<p>a few things i would kill for in a college.</p>

<ol>
<li>ban the use of pencil and paper.</li>
<li>learn by discussion, role-play, activities, and hand-on stuff.</li>
<li>ban homework</li>
<li>ban grades</li>
<li>surround me with other like-minded tactile/kinesthetic learners & teachers</li>
</ol>

<p>"Common pursuits (of kinesthetic learners)</p>

<p>Pursuits that involve the physical style include general physical work, mechanical, construction and repair work, sports and athletics, drama and dancing."</p>

<p>well i cant exactly major in any of that stuff, but im definitely into the sports + athletics and drama and dancing, possibly even mechanical. not so much construction or repair work.</p>

<p>i guess mechanical engineering is possible. im also looking at computer engineering although i hear the field of programmers is overcrowded.</p>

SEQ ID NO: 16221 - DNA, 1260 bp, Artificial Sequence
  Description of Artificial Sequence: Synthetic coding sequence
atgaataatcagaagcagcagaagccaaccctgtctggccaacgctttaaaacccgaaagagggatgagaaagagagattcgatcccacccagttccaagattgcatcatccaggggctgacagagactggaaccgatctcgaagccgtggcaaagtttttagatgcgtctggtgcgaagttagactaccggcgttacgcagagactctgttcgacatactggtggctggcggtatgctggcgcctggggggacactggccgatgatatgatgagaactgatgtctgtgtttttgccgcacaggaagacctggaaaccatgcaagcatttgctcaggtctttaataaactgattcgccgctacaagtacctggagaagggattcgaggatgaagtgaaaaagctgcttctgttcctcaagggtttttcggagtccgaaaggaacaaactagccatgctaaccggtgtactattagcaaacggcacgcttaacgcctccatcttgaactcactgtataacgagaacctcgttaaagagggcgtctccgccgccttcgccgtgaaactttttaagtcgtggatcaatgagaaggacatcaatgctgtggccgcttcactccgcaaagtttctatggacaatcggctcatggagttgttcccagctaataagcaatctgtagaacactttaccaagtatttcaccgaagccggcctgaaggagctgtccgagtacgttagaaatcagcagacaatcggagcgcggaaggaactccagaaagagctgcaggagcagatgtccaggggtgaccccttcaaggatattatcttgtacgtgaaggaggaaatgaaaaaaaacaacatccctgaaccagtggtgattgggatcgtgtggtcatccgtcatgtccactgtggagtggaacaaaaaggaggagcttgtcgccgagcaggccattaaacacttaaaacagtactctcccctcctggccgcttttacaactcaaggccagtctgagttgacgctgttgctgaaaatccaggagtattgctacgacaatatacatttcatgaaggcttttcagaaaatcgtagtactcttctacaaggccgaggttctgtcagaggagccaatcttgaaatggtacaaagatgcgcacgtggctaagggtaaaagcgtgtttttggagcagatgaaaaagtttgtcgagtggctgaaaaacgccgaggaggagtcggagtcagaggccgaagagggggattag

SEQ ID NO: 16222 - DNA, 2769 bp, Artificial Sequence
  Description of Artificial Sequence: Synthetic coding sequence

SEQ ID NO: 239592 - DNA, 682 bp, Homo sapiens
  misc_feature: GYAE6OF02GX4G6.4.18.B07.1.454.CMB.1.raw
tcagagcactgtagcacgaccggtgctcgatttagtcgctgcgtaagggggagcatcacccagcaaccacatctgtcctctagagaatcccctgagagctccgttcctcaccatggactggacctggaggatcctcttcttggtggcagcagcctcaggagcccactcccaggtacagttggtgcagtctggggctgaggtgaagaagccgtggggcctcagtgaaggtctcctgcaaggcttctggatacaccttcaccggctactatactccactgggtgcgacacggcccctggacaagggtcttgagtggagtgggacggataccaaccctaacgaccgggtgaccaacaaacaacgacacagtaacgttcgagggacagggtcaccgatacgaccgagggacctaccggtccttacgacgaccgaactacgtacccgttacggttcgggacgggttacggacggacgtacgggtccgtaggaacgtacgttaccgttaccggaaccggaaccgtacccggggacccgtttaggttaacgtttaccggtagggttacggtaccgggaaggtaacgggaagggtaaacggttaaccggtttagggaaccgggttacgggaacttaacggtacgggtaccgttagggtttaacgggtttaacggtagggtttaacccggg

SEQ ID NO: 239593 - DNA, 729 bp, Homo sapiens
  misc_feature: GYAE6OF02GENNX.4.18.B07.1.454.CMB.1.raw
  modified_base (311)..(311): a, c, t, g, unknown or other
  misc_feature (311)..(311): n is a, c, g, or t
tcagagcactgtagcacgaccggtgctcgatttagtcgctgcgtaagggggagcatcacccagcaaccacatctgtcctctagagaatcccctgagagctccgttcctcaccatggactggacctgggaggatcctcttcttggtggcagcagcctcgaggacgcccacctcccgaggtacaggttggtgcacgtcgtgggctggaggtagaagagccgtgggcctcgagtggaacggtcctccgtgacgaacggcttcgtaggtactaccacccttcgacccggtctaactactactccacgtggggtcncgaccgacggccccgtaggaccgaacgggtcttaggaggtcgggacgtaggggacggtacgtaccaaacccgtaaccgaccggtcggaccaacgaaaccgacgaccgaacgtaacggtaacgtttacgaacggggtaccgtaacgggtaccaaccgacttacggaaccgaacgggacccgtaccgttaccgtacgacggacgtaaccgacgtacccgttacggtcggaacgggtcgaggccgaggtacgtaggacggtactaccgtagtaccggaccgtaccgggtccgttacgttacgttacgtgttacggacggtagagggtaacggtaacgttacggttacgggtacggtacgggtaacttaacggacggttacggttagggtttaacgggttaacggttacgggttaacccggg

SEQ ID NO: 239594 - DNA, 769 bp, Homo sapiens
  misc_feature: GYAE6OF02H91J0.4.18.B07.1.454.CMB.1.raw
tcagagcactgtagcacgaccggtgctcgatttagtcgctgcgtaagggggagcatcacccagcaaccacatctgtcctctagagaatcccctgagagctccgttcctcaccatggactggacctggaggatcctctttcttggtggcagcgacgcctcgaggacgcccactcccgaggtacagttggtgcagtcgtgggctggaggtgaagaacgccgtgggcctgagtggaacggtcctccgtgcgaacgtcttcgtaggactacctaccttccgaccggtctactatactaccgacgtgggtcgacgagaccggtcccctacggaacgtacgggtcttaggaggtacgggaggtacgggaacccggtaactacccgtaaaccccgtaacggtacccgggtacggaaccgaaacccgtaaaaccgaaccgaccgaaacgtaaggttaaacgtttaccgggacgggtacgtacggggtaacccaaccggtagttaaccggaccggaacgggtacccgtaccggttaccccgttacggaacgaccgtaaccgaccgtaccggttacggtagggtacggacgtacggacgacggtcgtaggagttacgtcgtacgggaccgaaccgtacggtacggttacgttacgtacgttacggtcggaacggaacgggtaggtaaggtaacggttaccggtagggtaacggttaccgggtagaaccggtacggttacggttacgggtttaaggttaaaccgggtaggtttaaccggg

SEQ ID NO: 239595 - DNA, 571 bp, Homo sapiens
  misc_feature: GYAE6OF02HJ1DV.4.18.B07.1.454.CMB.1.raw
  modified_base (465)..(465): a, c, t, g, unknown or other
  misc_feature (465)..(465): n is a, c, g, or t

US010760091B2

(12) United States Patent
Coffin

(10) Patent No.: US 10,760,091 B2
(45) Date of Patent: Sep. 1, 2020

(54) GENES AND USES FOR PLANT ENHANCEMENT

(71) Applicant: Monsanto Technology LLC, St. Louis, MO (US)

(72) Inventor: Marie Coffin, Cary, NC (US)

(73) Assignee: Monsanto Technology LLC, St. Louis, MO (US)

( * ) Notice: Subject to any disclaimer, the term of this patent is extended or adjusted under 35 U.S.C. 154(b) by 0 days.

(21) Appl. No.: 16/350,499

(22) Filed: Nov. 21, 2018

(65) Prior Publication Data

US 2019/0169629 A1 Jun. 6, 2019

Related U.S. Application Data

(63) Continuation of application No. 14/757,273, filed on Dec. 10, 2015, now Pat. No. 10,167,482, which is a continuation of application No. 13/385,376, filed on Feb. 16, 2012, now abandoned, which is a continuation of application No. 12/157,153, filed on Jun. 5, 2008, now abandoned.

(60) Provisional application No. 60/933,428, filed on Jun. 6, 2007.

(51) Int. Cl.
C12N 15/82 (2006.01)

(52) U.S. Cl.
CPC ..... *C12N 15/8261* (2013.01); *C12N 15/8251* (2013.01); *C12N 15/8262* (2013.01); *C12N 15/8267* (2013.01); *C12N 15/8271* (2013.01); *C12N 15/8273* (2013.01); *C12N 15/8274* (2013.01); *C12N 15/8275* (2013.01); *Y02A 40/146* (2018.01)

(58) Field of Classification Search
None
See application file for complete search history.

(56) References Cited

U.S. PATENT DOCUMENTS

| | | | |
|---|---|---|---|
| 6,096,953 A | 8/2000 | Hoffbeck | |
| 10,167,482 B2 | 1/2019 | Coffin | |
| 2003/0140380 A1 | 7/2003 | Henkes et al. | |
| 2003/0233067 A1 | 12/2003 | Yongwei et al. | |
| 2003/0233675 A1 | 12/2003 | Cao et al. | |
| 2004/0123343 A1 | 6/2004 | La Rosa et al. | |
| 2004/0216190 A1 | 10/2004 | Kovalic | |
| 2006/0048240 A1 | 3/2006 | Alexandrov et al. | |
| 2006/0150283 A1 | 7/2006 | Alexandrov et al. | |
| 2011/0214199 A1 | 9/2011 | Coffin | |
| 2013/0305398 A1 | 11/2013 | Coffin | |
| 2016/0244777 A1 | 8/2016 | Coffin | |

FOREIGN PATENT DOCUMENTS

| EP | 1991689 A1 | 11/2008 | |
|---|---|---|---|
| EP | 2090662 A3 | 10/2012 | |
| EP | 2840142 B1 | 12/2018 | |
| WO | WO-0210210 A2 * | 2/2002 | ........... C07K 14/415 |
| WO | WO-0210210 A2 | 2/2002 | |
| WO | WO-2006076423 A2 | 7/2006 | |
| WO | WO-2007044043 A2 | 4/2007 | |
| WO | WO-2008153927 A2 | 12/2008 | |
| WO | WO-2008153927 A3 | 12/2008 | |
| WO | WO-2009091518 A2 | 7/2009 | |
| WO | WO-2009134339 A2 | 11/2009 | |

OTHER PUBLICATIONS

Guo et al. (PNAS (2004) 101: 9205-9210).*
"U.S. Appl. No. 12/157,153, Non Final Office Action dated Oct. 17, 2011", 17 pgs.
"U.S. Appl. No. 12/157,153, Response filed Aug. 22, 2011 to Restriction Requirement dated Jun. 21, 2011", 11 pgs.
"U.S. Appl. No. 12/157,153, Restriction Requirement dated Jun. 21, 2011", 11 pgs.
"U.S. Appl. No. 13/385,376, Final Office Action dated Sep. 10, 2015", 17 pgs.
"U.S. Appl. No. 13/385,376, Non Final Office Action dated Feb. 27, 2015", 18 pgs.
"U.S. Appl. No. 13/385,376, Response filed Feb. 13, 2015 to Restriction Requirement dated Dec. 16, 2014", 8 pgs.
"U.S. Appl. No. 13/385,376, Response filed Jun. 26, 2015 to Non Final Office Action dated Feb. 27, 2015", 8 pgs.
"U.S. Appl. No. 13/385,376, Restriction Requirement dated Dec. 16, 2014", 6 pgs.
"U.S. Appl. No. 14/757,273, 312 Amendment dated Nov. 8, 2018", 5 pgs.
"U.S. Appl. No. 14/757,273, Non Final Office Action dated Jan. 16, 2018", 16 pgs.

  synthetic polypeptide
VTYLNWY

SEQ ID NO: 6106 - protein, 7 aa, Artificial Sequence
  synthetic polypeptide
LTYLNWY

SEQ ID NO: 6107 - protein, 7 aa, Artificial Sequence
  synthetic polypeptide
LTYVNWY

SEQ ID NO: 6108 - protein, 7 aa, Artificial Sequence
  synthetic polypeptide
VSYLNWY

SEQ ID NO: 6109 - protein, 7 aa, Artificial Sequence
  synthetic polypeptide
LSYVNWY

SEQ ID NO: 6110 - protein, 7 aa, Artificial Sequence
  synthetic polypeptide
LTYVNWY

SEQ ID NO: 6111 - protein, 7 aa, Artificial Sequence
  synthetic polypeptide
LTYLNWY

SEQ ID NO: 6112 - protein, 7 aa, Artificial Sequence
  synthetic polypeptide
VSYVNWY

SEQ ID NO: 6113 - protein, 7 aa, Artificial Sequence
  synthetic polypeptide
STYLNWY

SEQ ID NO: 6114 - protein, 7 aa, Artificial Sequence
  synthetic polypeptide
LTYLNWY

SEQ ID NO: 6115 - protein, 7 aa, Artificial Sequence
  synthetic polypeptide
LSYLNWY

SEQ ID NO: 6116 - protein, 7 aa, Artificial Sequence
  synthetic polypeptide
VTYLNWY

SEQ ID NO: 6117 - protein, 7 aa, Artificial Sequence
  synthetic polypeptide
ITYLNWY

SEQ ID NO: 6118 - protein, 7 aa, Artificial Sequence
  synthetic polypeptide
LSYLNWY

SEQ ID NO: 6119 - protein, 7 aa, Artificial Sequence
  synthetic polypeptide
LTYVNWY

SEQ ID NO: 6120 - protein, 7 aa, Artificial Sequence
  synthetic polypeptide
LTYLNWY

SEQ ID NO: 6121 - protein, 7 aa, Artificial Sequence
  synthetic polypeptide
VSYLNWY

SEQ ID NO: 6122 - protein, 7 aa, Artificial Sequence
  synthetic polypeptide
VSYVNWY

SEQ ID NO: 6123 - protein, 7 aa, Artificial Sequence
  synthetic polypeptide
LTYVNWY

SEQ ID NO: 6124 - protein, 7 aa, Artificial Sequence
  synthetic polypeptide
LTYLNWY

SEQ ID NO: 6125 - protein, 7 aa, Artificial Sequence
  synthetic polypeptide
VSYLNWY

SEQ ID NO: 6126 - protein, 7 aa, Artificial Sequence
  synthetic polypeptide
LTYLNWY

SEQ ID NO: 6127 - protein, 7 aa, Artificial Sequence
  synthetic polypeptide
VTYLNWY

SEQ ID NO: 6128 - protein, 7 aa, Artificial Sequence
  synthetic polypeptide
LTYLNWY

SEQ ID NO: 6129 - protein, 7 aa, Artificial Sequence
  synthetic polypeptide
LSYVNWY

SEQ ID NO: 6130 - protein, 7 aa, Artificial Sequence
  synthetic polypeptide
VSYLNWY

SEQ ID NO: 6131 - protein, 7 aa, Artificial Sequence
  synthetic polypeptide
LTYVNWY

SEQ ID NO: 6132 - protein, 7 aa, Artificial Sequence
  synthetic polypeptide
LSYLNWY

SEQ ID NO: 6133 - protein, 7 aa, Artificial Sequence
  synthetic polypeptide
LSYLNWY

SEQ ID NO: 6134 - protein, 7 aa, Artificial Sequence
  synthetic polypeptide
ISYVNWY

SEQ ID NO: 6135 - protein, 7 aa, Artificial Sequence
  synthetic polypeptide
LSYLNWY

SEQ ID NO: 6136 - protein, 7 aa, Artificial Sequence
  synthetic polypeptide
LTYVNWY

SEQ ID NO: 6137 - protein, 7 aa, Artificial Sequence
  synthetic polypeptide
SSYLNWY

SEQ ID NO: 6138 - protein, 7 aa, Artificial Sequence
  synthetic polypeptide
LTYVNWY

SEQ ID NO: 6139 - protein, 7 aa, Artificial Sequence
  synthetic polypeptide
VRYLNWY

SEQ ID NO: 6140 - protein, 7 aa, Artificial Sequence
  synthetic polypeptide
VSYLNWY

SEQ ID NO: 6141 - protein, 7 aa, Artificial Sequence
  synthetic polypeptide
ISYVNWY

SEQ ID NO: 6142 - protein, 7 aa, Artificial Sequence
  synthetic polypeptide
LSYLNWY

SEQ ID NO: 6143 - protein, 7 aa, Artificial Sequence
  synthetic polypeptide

<p>I suggest you post your question on the parents forum, but tighten it up first and change the thread title bec it's confusing. Lots of parents, with Ss and Ds with similar preferences to yours, have probably gone through or are searching for colleges with alternative teaching or grading styles. Some of what you describe as your preferences in learning/teaching styles are methods that work well for students with certain learning disabilities (not that I'm suggesting you have a LD) and you might read through some of the threads in the forum on LD to see if there are colleges mentioned that foster the kind of learning environment you're looking for.</p>

<p>hehe as you say that is 6th grade for goodness sake! and you're shall be grateful that you even experienced that, in my country, from 6-17 years old, the whole education system is like your middle school style, and moreover we have national exams that determine whether u go to top uni or u suck in society. Me too is suffering from what you mention! suck in GPA but possible great test score...